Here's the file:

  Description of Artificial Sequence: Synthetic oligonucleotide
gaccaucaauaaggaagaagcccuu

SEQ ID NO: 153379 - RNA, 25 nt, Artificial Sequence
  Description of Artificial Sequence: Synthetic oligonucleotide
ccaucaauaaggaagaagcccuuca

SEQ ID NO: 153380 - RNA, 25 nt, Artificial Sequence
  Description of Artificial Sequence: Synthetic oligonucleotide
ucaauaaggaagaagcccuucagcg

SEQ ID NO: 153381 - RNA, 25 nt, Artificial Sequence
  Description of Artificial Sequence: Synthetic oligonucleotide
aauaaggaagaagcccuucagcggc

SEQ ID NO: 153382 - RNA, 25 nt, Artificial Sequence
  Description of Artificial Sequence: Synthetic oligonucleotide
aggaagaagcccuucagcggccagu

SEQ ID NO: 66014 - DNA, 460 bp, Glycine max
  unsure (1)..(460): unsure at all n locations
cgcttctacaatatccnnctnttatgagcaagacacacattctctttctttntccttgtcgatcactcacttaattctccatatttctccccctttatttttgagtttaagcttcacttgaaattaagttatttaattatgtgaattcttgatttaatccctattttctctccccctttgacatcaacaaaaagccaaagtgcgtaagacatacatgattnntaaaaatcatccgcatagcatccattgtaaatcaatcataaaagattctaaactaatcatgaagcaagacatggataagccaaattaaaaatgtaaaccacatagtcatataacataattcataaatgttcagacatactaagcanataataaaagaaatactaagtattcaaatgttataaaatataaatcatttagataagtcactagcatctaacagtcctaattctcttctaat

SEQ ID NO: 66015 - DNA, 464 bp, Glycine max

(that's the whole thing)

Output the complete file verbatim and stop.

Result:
  Description of Artificial Sequence: Synthetic oligonucleotide
gaccaucaauaaggaagaagcccuu

SEQ ID NO: 153379 - RNA, 25 nt, Artificial Sequence
  Description of Artificial Sequence: Synthetic oligonucleotide
ccaucaauaaggaagaagcccuuca

SEQ ID NO: 153380 - RNA, 25 nt, Artificial Sequence
  Description of Artificial Sequence: Synthetic oligonucleotide
ucaauaaggaagaagcccuucagcg

SEQ ID NO: 153381 - RNA, 25 nt, Artificial Sequence
  Description of Artificial Sequence: Synthetic oligonucleotide
aauaaggaagaagcccuucagcggc

SEQ ID NO: 153382 - RNA, 25 nt, Artificial Sequence
  Description of Artificial Sequence: Synthetic oligonucleotide
aggaagaagcccuucagcggccagu

SEQ ID NO: 66014 - DNA, 460 bp, Glycine max
  unsure (1)..(460): unsure at all n locations
cgcttctacaatatccnnctnttatgagcaagacacacattctctttctttntccttgtcgatcactcacttaattctccatatttctccccctttatttttgagtttaagcttcacttgaaattaagttatttaattatgtgaattcttgatttaatccctattttctctccccctttgacatcaacaaaaagccaaagtgcgtaagacatacatgattnntaaaaatcatccgcatagcatccattgtaaatcaatcataaaagattctaaactaatcatgaagcaagacatggataagccaaattaaaaatgtaaaccacatagtcatataacataattcataaatgttcagacatactaagcanataataaaagaaatactaagtattcaaatgttataaaatataaatcatttagataagtcactagcatctaacagtcctaattctcttctaat

SEQ ID NO: 66015 - DNA, 464 bp, Glycine max